2022: Year of glass

2022-10-18 | Corporate

Sixteen employees work in the glass production of the Anton Paar GmbH at the moment, one of them is an apprentice. All in all, they produce about 14,000 high-precision glass measuring cells every year. 

But this has not always been the case. About 20 years ago, Anton Paar purchased the glass pieces used for measuring instruments from external suppliers. After a price increase from a supplier, the aspiration for independence grew, and thus the first glassblower started at Anton Paar in 2002, and the establishment of glass production in the company began. “The core of our most important product line, the oscillating U-tube in the density measuring instruments, is made of glass. Thus we wanted to become independent from external suppliers,” says Gerhard Murer, whose product area the glass production belonged to when it was established. This so-called oscillating “U-tube” is a bent tube made of glass and used in digital density meters to measure the density of the sample liquid via oscillation.

One of the first employees of the glass production was Thomas Hillebrand, who started in 2005 and is still working in glass production. He works as a glass blower and glass instrument maker and is used to producing glass industrially. Nevertheless it was a challenge at first for him to produce the U-tubes. “It took me several months until I could produce the first functional oscillating U-tube. We are talking about glass walls which are only about 0.2 mm thick,” Thomas Hillebrand says about his starting time at Anton Paar. Back then, it was top priority to bring stability into serial production and improve manfuacturing machines and equipment. 

From individual challenges to serial production
After some years of experience, routine came into the glass production: Clear structures and processes are one secret of success, people are another. “It was and it is important for employees to specialize in certain work steps of the product because we are doing almost every production step in our glass production, from storage and cutting of raw material to glass processing, glass coating, and quality testing,” says Christian Krispel. He has been manager of glass production since 2007. Over the years, the glass production has grown successively, and the tasks have also expanded: Whereas only a few product groups were produced in the past, today there are many more varients of the oscillating U-tube and also various glass components for other product areas are produced. The most difficult part? “The U-tube for the DMA 5001 density meter definitely stands out, as its production involves 35 steps,” Thomas Hillebrand says. The production of this special U-tube takes about three weeks.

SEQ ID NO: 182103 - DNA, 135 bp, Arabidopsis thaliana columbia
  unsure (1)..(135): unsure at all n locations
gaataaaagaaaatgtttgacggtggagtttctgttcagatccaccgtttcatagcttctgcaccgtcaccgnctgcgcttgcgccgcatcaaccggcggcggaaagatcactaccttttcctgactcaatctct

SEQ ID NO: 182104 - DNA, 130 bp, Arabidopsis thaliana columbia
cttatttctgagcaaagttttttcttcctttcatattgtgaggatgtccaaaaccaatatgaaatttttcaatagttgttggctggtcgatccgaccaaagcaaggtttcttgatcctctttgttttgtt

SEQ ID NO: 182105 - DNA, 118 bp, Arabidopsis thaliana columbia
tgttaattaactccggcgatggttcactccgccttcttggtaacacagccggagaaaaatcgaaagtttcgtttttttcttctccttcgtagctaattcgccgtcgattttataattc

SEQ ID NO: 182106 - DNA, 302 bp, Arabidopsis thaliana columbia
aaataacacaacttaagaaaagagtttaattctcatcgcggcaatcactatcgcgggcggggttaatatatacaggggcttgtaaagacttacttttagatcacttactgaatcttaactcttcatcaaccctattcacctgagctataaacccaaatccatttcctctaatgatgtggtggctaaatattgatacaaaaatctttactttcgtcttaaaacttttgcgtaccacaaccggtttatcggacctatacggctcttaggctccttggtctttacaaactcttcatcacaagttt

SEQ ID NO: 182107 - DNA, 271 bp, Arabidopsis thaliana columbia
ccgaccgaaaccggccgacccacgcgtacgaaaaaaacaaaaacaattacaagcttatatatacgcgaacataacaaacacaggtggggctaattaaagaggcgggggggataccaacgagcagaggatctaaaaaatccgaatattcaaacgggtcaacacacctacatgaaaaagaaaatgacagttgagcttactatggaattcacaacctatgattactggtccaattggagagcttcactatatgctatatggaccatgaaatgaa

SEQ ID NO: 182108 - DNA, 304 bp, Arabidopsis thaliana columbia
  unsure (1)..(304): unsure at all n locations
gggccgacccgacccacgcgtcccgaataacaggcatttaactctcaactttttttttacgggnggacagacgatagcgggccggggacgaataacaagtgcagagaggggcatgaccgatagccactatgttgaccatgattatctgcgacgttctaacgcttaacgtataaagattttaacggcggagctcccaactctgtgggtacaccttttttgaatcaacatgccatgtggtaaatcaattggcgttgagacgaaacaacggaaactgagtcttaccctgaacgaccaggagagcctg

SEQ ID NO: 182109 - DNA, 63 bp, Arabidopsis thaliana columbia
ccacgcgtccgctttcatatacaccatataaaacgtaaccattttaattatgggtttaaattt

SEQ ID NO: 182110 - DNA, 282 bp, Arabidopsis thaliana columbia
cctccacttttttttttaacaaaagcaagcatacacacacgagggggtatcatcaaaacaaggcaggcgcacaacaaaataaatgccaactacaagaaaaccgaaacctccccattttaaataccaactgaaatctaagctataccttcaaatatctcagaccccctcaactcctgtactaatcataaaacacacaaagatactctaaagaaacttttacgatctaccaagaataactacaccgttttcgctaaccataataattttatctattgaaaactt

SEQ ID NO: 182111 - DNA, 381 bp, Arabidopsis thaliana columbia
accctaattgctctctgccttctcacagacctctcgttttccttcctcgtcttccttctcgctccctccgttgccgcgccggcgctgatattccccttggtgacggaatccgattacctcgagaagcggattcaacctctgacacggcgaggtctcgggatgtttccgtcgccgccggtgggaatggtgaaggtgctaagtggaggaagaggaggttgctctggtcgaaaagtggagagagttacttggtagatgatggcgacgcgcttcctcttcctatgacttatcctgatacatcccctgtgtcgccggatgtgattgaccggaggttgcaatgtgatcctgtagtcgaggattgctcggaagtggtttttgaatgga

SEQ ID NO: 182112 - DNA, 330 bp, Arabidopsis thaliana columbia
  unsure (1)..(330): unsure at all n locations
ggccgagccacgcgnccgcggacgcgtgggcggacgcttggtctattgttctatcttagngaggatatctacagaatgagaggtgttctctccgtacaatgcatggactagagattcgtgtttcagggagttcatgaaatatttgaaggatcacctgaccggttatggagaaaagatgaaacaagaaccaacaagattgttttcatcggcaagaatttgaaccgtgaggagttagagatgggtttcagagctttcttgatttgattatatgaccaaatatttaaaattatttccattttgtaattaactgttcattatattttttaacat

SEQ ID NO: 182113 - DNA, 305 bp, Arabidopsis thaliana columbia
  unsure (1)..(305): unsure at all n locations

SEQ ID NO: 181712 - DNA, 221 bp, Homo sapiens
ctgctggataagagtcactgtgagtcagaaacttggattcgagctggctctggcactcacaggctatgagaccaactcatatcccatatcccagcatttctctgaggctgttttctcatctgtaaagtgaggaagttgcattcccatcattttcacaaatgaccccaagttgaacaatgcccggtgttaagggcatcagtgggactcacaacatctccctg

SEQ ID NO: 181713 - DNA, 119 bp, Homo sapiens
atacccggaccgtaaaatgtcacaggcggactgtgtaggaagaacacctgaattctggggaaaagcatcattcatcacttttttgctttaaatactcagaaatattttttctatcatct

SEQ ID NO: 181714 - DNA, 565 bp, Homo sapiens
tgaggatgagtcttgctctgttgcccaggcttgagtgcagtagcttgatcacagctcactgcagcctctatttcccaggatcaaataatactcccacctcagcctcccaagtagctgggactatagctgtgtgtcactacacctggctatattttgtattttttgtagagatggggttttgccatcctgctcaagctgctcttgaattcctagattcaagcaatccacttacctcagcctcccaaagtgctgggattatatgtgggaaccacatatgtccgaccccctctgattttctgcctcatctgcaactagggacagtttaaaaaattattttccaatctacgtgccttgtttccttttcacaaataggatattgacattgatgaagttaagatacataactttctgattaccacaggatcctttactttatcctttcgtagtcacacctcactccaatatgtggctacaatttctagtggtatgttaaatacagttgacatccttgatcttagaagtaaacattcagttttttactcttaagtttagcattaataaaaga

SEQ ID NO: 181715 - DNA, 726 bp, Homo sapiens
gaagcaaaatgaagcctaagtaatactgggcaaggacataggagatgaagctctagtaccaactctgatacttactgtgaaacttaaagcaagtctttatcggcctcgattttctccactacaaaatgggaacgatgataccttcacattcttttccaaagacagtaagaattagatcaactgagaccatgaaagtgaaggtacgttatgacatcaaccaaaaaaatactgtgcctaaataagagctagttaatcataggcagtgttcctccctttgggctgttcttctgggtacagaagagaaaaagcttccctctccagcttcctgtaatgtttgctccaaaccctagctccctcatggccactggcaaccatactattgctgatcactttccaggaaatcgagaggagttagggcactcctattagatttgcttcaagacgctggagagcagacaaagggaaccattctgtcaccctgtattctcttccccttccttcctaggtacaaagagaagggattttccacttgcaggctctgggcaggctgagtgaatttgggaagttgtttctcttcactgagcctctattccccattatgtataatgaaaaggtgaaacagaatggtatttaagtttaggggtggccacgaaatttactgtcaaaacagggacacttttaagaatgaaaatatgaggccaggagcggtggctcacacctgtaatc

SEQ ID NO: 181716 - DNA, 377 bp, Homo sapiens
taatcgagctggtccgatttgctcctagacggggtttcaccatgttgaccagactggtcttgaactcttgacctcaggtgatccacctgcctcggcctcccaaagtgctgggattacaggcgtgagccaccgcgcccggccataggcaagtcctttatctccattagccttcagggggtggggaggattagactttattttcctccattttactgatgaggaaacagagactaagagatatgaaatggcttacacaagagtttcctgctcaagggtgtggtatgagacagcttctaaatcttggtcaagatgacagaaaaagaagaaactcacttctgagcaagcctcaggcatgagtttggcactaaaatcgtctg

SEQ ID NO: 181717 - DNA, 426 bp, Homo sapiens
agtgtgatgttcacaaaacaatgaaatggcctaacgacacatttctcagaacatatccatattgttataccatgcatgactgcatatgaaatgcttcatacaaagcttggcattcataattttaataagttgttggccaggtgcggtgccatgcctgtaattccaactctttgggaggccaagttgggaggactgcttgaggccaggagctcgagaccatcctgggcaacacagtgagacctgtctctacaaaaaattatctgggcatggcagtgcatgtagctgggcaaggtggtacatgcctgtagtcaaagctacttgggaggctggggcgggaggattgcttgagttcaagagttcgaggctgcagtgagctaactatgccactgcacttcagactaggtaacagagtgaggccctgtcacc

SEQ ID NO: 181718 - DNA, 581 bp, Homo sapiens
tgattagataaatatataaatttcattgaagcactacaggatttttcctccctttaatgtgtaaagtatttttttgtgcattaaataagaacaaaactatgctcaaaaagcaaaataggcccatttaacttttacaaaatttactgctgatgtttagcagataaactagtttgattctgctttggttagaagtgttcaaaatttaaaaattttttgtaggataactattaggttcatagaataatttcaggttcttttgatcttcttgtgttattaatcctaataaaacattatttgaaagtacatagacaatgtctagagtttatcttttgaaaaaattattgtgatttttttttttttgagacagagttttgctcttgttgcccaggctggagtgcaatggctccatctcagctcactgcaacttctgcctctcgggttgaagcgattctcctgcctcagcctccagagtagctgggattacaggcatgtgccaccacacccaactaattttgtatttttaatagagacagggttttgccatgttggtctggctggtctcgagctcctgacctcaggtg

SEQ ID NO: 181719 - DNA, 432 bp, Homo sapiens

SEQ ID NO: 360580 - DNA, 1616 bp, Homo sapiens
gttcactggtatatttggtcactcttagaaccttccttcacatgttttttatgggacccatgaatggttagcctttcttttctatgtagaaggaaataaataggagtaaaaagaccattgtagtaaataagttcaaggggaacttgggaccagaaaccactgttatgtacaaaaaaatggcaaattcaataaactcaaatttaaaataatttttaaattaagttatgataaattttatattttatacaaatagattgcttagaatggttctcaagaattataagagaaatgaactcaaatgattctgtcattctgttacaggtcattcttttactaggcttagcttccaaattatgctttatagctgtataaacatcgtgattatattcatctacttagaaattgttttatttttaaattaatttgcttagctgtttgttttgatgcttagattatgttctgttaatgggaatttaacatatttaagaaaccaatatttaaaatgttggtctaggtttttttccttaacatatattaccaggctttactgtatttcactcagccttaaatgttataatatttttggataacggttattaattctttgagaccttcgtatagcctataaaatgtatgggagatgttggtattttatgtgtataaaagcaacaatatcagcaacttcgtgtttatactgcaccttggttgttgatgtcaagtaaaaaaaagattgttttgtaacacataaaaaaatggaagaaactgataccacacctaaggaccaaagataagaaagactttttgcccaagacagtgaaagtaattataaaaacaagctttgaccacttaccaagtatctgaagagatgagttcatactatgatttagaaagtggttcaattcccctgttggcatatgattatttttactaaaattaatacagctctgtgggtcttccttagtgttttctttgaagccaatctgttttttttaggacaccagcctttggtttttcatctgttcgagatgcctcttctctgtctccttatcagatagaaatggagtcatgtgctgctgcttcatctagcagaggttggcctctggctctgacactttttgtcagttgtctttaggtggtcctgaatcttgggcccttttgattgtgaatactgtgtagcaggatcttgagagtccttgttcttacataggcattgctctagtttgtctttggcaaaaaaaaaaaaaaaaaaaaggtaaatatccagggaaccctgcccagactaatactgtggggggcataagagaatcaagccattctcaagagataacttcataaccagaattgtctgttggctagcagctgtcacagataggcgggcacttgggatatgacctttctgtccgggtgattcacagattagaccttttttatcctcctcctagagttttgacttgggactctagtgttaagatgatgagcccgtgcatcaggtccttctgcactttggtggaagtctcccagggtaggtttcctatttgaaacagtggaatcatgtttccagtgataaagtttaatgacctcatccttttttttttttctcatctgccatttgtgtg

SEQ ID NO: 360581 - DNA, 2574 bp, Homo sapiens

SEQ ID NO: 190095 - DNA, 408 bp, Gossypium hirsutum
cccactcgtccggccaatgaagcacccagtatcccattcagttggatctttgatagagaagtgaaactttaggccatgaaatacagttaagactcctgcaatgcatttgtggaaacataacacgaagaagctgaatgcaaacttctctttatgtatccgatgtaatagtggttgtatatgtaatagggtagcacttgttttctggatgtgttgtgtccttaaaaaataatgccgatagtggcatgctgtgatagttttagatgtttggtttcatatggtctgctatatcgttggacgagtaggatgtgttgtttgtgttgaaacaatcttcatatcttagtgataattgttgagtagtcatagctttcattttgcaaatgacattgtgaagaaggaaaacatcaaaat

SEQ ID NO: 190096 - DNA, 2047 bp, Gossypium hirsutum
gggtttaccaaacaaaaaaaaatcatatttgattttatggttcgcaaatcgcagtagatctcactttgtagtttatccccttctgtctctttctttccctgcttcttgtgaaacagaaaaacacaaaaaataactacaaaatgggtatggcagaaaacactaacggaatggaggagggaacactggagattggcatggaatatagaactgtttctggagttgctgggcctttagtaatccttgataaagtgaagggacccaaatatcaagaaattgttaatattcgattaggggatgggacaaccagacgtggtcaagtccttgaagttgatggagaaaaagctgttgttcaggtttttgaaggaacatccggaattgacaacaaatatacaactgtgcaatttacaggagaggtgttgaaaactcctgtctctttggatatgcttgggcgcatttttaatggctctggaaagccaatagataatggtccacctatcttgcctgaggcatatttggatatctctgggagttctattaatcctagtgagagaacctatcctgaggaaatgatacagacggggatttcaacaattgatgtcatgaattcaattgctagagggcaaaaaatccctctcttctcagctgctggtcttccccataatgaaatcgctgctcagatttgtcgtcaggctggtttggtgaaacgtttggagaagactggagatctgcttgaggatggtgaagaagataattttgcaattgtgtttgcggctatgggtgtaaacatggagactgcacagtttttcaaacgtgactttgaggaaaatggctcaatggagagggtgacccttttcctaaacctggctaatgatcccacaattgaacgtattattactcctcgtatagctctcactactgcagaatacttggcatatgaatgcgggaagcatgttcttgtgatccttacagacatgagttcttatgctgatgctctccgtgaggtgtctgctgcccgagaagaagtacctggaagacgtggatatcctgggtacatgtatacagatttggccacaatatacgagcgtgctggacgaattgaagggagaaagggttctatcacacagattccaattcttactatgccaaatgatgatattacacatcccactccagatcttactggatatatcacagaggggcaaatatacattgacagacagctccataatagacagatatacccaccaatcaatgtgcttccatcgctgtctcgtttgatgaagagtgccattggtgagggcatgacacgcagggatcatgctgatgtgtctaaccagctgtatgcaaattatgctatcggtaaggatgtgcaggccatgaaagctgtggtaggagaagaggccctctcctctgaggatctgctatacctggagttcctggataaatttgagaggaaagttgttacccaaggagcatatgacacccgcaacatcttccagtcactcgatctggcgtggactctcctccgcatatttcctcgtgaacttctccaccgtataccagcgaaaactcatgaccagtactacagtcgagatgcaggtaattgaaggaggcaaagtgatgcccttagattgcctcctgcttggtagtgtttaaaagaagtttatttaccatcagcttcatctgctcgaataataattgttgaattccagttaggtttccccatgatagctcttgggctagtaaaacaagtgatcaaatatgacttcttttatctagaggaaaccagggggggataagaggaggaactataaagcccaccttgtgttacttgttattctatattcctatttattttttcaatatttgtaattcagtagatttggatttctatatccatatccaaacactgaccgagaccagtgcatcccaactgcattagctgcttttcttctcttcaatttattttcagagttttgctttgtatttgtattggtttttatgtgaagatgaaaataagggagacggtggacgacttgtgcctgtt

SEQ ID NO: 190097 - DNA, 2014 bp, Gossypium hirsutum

Highest precision
With Christian Krispel, apprenticeship trainings also came to glass production: Since 2007, glass instrument makers have been trained there. “There are hardly any skilled workers from this field in the labor market, that is why we decided to rely on internal future experts and train them ourselves,” says Christian Krispel. The apprenticeship profession is very rare nowadays, and it is only trained by a few companies in Austria.

If there is one thing that sets employees of the glass production apart, it is their precise way of working. “Glass is not very forgiving, so you need a high level of quality awareness, manual dexterity, high concentration, and the ability to work under pressure, if you want to work in glass production,” says Thomas Hillebrand. Right now, employees for the glass production are being sought.


Anton Paar not only produces glass parts, but it is also involved in the characterization of glass as well. These Anton Paar instruments are used for this purpose:

MCR and CTD 1000
Through the interaction of a rheometer (MCR series) and a convection heating chamber (CTD 1000) glass can be heated up to 1,000 °C. This enables the rheological characterization of melts. Glass samples with a higher melting temperature can be analyzed by the so-called dynamic-mechanical analysis in solid state, which can be used to determine how resistant the glass is, or how and at what temperature it softens. 

With high temperature rheometers (Furnace Rheometer System) from Anton Paar, glass can be characterized in a liquid state at temperatures up to 1,730 °C. Rheological parameters like the viscosity of melted glass can be determined. This has an impact on glass production. If the glass melt is too highly viscous (tough) during processing, gas inclusions cannot be removed, and the finished product will contain bubbles.